Lassiter (film)

Lassiter (also known as The Magnificent Thief) is a 1984 American heist spy film starring Tom Selleck and Jane Seymour. The movie was made to cash in on Selleck's popularity as the character Thomas Magnum in the television show Magnum, P.I., but it failed to return its budget at the box-office on release. The Magnum, P.I. connection is perhaps most clearly seen by the movie poster tagline: The Magnum Man Hits the Big Screen with a Vengeance.

Theatrical release poster by Steven Chorney
Directed byRoger Young
Written byDavid Taylor
Produced byAlbert S. Ruddy
CinematographyGil Taylor
Edited byBenjamin A. Weissman
Music byKen Thorne
Distributed byWarner Bros.
Release date
  • 17 February 1984 (1984-02-17)
Running time
100 minutes
CountryUnited States
Budget$20 million
Box office$17,513,452[1]


Nick Lassiter (Tom Selleck) is a gentleman jewel thief in 1939 London, England. He is arrested by the police after breaking into a London mansion and, after being a member of a phony lineup in which he is positively identified by a law enforcement plant, British law enforcement and the FBI blackmail Lassiter to break into the German Embassy and steal $10 million in Nazi diamonds from a German spy (Lauren Hutton), but first he must locate their hiding place. The gems are en route to South America and will be sold to help finance Hitler's military buildup. The authorities want the Nazi diamonds and to put Lassiter away for good, but he has other plans, and a surprise twist ending changes everything.



The film was Selleck's second starring vehicle after becoming an international name with Magnum. He optioned the script himself, showed it to Golden Harvest while making High Road to China and they bought the option.[2]

Selleck signed to make Lassiter before High Road to China came out "because I thought it was a good idea to have another film lined up in case High Road didn't work." The film would be directed by Roger Young, who directed the pilot for Magnum, and the filmmakers agreed to work around Selleck's limited schedule - he could only film between April and June.[3]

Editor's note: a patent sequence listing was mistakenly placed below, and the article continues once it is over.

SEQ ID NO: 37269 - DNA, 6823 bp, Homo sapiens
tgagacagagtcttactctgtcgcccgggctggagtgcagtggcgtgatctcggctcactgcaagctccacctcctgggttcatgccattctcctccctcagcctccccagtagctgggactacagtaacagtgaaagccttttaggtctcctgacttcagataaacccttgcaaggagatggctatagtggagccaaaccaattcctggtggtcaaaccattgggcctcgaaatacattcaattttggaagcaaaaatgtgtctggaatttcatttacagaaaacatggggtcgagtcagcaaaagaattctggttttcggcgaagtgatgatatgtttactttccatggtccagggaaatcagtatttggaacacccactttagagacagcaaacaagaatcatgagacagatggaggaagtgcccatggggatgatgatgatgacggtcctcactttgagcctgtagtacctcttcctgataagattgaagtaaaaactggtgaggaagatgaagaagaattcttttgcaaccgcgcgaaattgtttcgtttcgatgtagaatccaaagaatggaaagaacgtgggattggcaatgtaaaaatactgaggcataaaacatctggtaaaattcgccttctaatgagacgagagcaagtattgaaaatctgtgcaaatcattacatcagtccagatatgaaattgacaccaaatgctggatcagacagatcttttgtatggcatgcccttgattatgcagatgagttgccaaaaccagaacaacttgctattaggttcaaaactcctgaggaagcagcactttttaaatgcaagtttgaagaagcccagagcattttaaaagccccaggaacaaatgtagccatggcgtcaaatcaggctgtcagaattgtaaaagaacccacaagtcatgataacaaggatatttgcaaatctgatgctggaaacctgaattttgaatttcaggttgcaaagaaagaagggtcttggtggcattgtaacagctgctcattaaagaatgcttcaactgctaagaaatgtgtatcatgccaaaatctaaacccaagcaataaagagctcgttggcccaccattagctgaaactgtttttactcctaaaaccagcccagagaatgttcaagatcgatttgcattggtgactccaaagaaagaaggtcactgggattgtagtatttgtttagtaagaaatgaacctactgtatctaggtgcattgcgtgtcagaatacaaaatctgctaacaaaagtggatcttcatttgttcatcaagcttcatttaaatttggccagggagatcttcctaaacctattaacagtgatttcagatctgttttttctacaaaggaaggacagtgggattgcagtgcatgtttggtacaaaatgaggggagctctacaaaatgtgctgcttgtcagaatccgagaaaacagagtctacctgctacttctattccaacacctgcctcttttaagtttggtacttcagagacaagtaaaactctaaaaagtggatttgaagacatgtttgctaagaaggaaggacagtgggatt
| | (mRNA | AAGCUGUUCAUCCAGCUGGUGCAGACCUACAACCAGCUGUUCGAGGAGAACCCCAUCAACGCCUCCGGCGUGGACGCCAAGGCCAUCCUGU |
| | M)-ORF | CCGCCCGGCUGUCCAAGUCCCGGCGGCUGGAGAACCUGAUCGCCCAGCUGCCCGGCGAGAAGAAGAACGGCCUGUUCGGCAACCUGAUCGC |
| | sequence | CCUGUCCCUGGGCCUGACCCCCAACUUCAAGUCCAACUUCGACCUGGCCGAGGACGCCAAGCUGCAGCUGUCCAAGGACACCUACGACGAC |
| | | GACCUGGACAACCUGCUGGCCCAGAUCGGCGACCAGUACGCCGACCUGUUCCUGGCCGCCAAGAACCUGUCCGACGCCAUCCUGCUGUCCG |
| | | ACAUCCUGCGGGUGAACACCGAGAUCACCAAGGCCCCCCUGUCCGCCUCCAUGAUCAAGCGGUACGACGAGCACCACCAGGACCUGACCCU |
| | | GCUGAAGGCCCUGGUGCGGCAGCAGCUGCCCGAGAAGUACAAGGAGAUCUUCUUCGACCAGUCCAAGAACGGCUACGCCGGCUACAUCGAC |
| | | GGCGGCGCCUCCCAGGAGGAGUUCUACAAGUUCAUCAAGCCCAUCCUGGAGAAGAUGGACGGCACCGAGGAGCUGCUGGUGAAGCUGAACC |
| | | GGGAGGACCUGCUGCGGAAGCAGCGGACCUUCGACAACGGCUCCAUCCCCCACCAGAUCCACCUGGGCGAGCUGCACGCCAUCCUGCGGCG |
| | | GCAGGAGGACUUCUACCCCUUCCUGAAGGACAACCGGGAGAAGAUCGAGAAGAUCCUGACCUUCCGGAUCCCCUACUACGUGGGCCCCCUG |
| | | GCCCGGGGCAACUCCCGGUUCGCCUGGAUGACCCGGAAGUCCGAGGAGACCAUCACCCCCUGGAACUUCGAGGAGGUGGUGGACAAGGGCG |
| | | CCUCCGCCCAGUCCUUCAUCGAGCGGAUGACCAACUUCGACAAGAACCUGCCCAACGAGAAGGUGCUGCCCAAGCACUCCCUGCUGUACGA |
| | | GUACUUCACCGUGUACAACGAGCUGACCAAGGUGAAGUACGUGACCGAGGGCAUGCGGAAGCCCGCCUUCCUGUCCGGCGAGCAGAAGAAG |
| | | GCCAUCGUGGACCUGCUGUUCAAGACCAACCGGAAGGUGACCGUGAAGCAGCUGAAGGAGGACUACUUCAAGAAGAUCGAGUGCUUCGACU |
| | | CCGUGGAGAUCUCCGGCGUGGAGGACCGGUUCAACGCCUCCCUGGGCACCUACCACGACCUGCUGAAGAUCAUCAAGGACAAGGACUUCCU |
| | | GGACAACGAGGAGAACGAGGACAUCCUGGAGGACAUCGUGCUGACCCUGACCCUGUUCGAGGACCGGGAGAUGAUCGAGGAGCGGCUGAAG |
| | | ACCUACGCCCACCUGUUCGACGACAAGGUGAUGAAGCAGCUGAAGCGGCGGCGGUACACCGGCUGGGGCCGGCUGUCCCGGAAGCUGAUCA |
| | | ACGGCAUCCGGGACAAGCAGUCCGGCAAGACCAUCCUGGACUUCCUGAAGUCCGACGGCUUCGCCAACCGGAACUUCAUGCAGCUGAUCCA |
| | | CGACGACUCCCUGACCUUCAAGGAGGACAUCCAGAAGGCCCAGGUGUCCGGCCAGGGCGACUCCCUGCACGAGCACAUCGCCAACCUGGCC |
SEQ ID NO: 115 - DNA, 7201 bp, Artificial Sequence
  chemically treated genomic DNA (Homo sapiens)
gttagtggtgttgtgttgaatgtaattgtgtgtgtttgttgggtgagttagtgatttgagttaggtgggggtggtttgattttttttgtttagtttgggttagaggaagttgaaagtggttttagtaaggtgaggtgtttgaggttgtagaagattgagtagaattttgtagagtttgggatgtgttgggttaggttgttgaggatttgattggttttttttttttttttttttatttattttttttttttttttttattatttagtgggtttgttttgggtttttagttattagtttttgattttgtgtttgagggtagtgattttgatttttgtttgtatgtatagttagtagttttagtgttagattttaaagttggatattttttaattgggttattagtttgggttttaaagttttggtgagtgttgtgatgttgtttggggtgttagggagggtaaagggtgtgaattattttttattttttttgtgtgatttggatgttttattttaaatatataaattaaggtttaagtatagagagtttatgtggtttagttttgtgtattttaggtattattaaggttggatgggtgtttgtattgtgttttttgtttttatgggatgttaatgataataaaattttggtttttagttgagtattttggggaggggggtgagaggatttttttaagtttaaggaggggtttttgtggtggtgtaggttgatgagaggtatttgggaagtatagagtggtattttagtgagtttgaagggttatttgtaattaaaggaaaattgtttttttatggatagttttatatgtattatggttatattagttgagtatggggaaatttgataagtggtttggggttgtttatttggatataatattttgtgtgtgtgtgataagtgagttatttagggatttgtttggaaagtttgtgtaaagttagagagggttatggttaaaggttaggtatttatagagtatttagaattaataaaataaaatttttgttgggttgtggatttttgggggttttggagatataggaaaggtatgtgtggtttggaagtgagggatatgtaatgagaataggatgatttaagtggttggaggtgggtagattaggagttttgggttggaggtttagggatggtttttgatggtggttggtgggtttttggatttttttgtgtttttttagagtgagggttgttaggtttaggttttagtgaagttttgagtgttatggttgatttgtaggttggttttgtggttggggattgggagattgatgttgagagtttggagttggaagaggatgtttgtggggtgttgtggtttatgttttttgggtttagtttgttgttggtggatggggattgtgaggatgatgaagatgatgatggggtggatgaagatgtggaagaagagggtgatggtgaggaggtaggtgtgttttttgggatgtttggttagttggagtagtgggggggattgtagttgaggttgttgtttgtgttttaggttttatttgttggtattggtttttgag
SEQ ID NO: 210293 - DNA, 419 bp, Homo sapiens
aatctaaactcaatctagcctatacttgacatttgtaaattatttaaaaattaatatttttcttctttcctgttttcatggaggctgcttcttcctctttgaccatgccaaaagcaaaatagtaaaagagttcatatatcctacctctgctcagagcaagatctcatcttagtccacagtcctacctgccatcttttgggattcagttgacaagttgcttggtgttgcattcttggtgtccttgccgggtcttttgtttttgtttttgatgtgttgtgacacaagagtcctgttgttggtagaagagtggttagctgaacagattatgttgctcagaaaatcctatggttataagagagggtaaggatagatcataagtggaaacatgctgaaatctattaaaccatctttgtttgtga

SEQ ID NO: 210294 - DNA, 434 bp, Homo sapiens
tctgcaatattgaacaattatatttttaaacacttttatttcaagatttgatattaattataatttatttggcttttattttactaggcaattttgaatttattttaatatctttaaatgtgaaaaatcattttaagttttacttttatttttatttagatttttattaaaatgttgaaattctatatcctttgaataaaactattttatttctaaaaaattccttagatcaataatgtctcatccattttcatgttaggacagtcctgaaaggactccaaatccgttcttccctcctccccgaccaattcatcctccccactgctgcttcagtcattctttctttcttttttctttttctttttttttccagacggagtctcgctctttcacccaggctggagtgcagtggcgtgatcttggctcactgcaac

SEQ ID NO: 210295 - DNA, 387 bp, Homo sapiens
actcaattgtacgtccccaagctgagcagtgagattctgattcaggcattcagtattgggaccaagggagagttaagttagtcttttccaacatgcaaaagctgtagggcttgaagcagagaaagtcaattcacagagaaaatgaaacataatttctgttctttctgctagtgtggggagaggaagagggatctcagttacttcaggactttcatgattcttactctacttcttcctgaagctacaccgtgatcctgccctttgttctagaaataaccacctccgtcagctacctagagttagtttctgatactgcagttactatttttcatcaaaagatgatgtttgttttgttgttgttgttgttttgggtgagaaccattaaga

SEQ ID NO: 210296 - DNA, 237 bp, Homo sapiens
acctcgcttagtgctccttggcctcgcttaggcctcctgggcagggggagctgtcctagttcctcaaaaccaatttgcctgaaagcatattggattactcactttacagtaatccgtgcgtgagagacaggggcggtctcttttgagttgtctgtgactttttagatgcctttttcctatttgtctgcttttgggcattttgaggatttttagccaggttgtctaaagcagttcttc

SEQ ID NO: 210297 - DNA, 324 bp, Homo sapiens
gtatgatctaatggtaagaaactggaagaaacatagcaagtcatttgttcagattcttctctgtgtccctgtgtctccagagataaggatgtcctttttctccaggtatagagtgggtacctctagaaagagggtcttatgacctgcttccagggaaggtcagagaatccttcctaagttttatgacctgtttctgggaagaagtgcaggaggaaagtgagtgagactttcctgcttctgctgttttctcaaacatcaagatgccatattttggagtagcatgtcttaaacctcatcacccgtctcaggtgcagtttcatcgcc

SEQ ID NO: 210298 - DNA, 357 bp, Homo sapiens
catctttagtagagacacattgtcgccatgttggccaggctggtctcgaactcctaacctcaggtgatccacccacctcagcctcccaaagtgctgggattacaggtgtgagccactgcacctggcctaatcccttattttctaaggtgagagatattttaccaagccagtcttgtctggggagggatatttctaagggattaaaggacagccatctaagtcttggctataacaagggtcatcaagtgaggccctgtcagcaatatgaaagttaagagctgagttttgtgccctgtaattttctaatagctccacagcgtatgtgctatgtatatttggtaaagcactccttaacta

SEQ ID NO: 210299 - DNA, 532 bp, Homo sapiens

"If I'd planned things out maybe I wouldn't have picked two period films in a row," he said. "But this was by far the best thing that came along. I hope I fit into it. I like the clothes and the hook."[2]

Selleck admitted shortly before filming that he was having second thoughts about making the movie. Advance word on High Road was strong and he was offered a number of other movies. However he stuck to his original promise.[3]

Selleck said "in a business where you often hear actors described as children its nice to be treated as a partner and as an equal. I was able to have a lot of input into the script, although it didn't need that much."[2]

"Nick Lassiter is a little rougher around the edges than Magnum," said Selleck. "He's a very self assured character. He should be able to walk into a movie with a certain amount of arrogance and gall."[2]


Lassiter grossed over $17.5 million at the box office against a $20 million budget, making this a commercial failure.

The film received mixed reviews from critics. Lassiter currently holds a 53% rating on Rotten Tomatoes based on 15 reviews.[4]


  1. ^ Lassiter at Box Office Mojo
  2. ^ a b c d Mills, Nancy (21 August 1983). "MOVIES: GUESS WHO'S THRASHING NAZIS NOW". Los Angeles Times. p. r27.
  3. ^ a b Mann, Roderick (15 March 1983). "LOYAL AMID THE ROYAL TREATMENT". Los Angeles Times. p. g1.
  4. ^ "Lassiter". Rotten Tomatoes.

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